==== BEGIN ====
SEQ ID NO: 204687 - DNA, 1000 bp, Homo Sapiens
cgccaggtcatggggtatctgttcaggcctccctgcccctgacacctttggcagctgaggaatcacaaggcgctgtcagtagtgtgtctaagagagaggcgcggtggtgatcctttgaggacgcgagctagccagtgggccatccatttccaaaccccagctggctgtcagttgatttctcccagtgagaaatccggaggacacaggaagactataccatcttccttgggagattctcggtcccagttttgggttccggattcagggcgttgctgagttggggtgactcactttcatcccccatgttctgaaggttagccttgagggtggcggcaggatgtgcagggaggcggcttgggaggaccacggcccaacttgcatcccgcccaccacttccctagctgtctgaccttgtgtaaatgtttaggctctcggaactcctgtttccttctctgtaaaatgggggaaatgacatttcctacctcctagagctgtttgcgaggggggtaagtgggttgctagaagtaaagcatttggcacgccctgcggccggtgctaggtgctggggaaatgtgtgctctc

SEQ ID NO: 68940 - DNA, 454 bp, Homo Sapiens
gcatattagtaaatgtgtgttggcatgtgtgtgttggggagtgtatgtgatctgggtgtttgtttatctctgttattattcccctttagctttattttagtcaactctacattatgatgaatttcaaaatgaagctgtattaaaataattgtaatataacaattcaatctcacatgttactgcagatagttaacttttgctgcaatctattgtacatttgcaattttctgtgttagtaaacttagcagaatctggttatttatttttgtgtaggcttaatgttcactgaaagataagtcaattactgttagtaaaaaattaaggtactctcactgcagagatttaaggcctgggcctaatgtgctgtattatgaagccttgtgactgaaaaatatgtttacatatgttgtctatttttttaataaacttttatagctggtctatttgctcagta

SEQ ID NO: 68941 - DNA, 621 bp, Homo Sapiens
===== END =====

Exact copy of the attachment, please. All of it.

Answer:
SEQ ID NO: 204687 - DNA, 1000 bp, Homo Sapiens
cgccaggtcatggggtatctgttcaggcctccctgcccctgacacctttggcagctgaggaatcacaaggcgctgtcagtagtgtgtctaagagagaggcgcggtggtgatcctttgaggacgcgagctagccagtgggccatccatttccaaaccccagctggctgtcagttgatttctcccagtgagaaatccggaggacacaggaagactataccatcttccttgggagattctcggtcccagttttgggttccggattcagggcgttgctgagttggggtgactcactttcatcccccatgttctgaaggttagccttgagggtggcggcaggatgtgcagggaggcggcttgggaggaccacggcccaacttgcatcccgcccaccacttccctagctgtctgaccttgtgtaaatgtttaggctctcggaactcctgtttccttctctgtaaaatgggggaaatgacatttcctacctcctagagctgtttgcgaggggggtaagtgggttgctagaagtaaagcatttggcacgccctgcggccggtgctaggtgctggggaaatgtgtgctctc

SEQ ID NO: 68940 - DNA, 454 bp, Homo Sapiens
gcatattagtaaatgtgtgttggcatgtgtgtgttggggagtgtatgtgatctgggtgtttgtttatctctgttattattcccctttagctttattttagtcaactctacattatgatgaatttcaaaatgaagctgtattaaaataattgtaatataacaattcaatctcacatgttactgcagatagttaacttttgctgcaatctattgtacatttgcaattttctgtgttagtaaacttagcagaatctggttatttatttttgtgtaggcttaatgttcactgaaagataagtcaattactgttagtaaaaaattaaggtactctcactgcagagatttaaggcctgggcctaatgtgctgtattatgaagccttgtgactgaaaaatatgtttacatatgttgtctatttttttaataaacttttatagctggtctatttgctcagta

SEQ ID NO: 68941 - DNA, 621 bp, Homo Sapiens